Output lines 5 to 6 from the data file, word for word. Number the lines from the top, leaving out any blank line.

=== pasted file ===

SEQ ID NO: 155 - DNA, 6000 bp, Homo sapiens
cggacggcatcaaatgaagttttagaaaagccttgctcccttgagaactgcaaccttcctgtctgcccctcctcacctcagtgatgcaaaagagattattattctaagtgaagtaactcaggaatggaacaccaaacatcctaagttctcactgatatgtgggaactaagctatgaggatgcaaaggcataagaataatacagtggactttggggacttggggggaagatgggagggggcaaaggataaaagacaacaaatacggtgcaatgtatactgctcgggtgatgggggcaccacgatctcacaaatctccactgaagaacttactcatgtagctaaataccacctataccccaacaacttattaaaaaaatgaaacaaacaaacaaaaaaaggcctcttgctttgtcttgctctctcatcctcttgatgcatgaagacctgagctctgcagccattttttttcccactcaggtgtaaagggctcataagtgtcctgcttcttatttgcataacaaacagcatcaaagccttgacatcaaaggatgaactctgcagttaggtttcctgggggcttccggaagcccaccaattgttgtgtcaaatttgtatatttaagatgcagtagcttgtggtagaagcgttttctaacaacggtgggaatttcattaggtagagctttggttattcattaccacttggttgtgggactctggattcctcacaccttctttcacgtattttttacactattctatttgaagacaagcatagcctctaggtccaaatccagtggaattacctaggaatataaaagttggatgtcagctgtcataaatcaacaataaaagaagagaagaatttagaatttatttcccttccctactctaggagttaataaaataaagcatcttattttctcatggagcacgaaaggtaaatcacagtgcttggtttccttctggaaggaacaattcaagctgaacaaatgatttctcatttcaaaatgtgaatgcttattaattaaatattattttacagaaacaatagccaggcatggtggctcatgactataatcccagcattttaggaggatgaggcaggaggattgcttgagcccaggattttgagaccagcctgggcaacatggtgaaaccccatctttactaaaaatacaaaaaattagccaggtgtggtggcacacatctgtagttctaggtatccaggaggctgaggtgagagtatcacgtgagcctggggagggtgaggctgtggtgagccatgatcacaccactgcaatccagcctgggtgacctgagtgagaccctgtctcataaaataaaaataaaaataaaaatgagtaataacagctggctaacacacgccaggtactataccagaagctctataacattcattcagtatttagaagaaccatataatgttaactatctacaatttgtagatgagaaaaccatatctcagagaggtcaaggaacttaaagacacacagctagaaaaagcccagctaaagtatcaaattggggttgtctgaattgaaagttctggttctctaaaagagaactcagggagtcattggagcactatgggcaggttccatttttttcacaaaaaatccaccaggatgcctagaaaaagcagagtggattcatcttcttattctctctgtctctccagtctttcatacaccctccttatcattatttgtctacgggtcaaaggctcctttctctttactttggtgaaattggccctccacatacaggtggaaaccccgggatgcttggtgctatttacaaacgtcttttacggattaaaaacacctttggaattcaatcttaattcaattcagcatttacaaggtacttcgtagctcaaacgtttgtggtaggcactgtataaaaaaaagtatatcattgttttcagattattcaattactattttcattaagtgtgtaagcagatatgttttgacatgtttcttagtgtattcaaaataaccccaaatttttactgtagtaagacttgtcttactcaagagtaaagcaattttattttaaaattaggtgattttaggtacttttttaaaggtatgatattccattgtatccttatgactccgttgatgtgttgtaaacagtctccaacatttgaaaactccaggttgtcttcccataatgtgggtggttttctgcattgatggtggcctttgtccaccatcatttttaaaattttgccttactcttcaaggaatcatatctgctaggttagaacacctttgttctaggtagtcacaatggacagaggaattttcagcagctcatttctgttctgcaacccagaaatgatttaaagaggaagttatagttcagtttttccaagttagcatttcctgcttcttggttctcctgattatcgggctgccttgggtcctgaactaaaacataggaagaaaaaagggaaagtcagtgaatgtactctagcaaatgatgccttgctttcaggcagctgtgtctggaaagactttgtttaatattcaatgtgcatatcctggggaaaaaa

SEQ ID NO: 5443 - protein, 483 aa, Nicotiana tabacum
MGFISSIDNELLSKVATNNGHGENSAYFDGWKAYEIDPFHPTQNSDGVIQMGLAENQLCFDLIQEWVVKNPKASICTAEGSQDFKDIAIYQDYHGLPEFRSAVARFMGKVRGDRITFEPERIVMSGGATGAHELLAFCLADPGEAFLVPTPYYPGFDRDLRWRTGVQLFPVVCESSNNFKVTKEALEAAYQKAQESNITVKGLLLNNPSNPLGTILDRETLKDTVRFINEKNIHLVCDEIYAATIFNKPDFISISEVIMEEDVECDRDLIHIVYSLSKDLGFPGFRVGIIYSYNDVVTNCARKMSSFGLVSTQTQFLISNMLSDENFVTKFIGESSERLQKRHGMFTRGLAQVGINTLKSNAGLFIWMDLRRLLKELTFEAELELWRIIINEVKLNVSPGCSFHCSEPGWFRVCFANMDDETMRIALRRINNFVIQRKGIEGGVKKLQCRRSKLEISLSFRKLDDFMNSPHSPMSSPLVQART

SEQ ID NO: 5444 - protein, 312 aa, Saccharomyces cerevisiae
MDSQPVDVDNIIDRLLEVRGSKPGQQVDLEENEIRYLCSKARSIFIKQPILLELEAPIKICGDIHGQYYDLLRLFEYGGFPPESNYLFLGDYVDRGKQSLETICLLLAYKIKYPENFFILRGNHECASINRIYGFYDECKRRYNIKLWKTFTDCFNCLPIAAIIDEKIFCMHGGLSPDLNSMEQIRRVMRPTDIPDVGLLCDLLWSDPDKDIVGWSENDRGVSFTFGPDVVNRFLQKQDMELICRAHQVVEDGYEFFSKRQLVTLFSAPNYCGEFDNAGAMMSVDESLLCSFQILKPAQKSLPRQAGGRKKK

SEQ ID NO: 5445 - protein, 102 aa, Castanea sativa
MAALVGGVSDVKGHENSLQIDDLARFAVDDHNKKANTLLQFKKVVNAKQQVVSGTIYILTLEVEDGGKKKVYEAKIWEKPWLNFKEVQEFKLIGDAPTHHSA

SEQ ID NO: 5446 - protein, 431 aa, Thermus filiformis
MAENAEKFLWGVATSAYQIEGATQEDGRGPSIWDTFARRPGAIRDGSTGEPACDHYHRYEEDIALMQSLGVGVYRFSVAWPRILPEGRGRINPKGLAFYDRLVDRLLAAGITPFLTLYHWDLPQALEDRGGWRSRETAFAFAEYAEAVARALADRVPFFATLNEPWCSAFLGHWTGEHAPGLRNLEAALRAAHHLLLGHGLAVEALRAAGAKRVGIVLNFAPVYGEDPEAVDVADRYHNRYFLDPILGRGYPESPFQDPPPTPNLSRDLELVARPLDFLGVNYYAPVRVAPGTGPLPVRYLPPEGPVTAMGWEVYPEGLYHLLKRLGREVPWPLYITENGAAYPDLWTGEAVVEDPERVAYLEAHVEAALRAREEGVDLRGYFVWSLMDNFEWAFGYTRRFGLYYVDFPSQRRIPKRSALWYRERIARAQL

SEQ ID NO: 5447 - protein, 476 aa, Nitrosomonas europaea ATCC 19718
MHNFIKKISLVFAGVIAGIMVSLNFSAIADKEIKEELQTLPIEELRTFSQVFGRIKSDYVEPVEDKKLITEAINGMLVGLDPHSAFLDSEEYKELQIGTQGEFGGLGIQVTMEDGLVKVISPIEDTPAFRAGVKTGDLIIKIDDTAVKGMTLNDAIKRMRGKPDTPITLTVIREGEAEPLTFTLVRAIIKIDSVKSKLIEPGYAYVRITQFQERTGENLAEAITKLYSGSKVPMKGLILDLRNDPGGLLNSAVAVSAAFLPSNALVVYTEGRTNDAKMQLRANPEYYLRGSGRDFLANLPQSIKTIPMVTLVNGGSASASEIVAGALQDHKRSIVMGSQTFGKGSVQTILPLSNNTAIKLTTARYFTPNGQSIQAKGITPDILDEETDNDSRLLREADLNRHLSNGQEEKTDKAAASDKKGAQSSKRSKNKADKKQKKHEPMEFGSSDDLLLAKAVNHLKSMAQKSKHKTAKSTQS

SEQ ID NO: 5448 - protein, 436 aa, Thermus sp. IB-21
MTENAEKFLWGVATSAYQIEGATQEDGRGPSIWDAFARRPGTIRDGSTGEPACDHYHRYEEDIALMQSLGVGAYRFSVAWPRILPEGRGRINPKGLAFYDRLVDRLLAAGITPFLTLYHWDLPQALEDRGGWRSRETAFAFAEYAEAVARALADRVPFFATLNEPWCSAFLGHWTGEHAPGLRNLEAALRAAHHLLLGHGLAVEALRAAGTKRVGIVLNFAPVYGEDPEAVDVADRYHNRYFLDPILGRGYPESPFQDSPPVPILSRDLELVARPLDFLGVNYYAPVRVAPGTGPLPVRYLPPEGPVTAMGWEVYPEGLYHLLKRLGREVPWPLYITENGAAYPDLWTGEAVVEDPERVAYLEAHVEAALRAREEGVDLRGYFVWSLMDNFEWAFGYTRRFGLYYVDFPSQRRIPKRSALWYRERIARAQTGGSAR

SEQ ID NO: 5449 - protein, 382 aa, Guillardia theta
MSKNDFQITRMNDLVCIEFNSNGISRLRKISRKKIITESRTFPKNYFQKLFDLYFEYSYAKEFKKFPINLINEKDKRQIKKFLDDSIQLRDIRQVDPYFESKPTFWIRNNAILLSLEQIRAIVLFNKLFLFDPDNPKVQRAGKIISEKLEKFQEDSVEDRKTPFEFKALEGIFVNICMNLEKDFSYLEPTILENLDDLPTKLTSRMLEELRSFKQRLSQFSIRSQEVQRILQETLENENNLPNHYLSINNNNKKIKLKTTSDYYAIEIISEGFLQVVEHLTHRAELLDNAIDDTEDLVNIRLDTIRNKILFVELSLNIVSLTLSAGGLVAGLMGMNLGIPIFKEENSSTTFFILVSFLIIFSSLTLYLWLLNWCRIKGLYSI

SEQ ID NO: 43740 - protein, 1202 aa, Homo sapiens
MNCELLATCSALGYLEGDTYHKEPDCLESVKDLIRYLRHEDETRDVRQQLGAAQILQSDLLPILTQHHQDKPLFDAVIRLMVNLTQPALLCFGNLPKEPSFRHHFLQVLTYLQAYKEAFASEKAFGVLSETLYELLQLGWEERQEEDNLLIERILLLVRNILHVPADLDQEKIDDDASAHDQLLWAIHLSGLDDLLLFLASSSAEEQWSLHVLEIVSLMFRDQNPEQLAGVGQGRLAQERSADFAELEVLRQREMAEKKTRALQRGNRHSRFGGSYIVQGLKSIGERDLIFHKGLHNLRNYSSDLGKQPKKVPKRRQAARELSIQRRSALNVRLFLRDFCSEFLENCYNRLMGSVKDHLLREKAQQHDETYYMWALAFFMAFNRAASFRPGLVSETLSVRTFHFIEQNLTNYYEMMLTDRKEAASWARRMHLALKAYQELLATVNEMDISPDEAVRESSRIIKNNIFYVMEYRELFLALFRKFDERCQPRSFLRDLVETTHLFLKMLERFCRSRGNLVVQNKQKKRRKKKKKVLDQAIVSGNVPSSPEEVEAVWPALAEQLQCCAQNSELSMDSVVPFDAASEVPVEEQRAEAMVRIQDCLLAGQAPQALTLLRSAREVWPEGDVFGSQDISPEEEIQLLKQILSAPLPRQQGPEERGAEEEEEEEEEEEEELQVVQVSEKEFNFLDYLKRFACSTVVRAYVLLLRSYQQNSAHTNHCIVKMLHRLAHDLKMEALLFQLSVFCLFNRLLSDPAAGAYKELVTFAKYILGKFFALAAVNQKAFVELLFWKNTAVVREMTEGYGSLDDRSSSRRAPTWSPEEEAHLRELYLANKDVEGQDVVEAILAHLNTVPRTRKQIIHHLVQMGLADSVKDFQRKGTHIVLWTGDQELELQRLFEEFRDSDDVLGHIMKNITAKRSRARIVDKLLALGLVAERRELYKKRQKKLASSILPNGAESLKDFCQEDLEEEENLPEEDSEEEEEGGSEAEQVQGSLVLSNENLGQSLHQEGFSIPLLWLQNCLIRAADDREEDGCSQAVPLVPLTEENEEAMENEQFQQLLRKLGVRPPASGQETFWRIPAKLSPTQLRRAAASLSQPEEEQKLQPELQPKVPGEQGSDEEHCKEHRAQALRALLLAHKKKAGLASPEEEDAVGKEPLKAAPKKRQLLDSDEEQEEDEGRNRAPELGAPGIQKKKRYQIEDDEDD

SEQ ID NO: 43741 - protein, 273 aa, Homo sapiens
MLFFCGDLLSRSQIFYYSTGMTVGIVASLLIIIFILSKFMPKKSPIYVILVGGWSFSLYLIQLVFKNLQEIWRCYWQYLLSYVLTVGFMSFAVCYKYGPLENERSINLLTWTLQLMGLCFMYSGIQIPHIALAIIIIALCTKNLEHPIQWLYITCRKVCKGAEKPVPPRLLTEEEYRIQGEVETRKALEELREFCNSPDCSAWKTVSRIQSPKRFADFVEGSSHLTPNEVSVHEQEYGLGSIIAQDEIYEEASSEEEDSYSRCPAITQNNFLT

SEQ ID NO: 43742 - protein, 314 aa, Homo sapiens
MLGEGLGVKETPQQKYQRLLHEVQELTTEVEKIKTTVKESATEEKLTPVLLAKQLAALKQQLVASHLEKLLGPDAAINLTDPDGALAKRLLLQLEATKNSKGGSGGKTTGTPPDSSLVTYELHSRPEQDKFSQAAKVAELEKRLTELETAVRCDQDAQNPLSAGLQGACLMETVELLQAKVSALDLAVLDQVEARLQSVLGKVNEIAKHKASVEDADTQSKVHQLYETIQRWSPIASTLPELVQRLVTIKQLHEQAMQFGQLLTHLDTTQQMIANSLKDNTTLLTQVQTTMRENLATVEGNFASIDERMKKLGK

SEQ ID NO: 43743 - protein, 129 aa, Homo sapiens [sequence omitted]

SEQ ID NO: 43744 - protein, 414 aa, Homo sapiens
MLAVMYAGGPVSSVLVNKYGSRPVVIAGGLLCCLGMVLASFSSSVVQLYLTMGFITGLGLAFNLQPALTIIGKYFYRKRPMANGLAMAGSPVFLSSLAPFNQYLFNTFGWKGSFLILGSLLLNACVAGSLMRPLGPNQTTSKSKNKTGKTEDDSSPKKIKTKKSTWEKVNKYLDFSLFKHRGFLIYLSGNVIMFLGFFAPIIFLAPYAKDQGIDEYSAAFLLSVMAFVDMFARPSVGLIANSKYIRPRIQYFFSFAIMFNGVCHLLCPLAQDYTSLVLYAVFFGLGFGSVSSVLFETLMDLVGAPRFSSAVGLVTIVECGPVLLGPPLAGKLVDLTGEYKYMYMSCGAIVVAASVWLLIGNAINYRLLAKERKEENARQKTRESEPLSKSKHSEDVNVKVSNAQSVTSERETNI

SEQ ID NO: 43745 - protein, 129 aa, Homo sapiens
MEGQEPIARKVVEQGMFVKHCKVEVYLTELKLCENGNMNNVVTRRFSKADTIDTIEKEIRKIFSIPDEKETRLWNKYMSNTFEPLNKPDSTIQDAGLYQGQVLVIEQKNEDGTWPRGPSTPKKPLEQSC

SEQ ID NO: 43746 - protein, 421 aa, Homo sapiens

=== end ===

SEQ ID NO: 5444 - protein, 312 aa, Saccharomyces cerevisiae
MDSQPVDVDNIIDRLLEVRGSKPGQQVDLEENEIRYLCSKARSIFIKQPILLELEAPIKICGDIHGQYYDLLRLFEYGGFPPESNYLFLGDYVDRGKQSLETICLLLAYKIKYPENFFILRGNHECASINRIYGFYDECKRRYNIKLWKTFTDCFNCLPIAAIIDEKIFCMHGGLSPDLNSMEQIRRVMRPTDIPDVGLLCDLLWSDPDKDIVGWSENDRGVSFTFGPDVVNRFLQKQDMELICRAHQVVEDGYEFFSKRQLVTLFSAPNYCGEFDNAGAMMSVDESLLCSFQILKPAQKSLPRQAGGRKKK